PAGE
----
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Govt to regulate labour broking
Wednesday, 22 February 2012 00:00
Written by Farzana Rasool
During his State of the Nation Address, president Jacob Zuma said the National Economic Development and Labour Council (Nedlac) process on labour broking has now been completed.
“Government seeks to eliminate all forms of abusive practices inherent in labour broking, in order to strengthen the protection of vulnerable workers. We trust that common ground will be found this year on this matter.”
The Congress of SA Trade Unions (Cosatu) this week urged Zuma to recall the 2009 manifest commitment to “avoid exploitation of workers and ensure decent work for all workers, as well as to protect the employment relationship, introduce laws to regulate contract work, subcontracting and outsourcing, address the problem of labour broking and prohibit certain abusive practices”.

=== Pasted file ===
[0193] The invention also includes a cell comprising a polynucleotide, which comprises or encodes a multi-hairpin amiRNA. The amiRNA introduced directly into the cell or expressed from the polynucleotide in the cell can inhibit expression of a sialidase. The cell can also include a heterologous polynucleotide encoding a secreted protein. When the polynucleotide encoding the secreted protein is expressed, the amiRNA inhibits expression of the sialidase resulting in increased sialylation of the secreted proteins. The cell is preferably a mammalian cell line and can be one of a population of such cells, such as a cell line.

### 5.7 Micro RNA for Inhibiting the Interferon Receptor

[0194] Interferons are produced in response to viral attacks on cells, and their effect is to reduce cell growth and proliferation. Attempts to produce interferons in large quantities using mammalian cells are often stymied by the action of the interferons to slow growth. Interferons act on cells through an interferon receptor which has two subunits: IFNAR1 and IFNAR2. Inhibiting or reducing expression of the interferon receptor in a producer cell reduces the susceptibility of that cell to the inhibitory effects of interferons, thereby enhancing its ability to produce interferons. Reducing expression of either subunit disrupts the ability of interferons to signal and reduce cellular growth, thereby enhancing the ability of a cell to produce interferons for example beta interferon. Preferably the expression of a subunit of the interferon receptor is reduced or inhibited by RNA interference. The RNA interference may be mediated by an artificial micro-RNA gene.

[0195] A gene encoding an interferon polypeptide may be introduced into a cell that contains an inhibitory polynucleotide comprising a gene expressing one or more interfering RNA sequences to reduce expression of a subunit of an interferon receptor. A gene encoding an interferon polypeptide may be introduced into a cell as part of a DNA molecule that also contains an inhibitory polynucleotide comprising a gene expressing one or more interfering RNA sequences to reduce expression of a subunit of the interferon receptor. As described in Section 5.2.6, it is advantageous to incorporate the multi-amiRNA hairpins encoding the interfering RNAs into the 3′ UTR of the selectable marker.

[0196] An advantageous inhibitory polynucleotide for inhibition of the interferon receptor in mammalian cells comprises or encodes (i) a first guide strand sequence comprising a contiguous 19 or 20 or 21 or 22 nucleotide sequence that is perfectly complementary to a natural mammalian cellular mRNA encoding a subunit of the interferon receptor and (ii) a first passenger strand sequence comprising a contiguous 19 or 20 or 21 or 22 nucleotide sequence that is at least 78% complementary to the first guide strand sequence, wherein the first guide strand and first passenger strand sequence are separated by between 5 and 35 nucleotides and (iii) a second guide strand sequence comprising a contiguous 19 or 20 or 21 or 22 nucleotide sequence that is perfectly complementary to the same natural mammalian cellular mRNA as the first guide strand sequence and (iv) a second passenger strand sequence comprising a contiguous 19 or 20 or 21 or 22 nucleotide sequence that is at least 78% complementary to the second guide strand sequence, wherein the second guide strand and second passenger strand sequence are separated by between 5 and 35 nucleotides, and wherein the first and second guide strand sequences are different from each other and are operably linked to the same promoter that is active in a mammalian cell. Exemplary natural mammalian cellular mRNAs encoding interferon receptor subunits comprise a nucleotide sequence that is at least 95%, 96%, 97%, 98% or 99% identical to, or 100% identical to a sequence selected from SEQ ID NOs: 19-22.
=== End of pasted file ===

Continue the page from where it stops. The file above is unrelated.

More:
The federation announced its intention to take to the streets on 7 March to demand the banning of labour brokers. “These [are] human traffickers who hire out casual workers. These workers generally have no contracts, no fixed hours, and no employment benefits such as sick pay or maternity leave. It would be great news if we were to hear the president announce that labour broking is to be banned.”
Draft amendments to the Labour Relations Act (LRA), Basic Conditions of Employment Act and Employment Equity Act, and a new piece of proposed legislation – the Public Employment Services Bill – were published in the Government Gazette in December last year.
The amendments propose a repeal of section 198 of the LRA, which regulates labour brokers, effectively prohibiting labour broking and leading to job losses, according to the Democratic Alliance.
The trade union also hoped to hear the president announce that government is going to completely scrap the controversial Gauteng e-tolling system.
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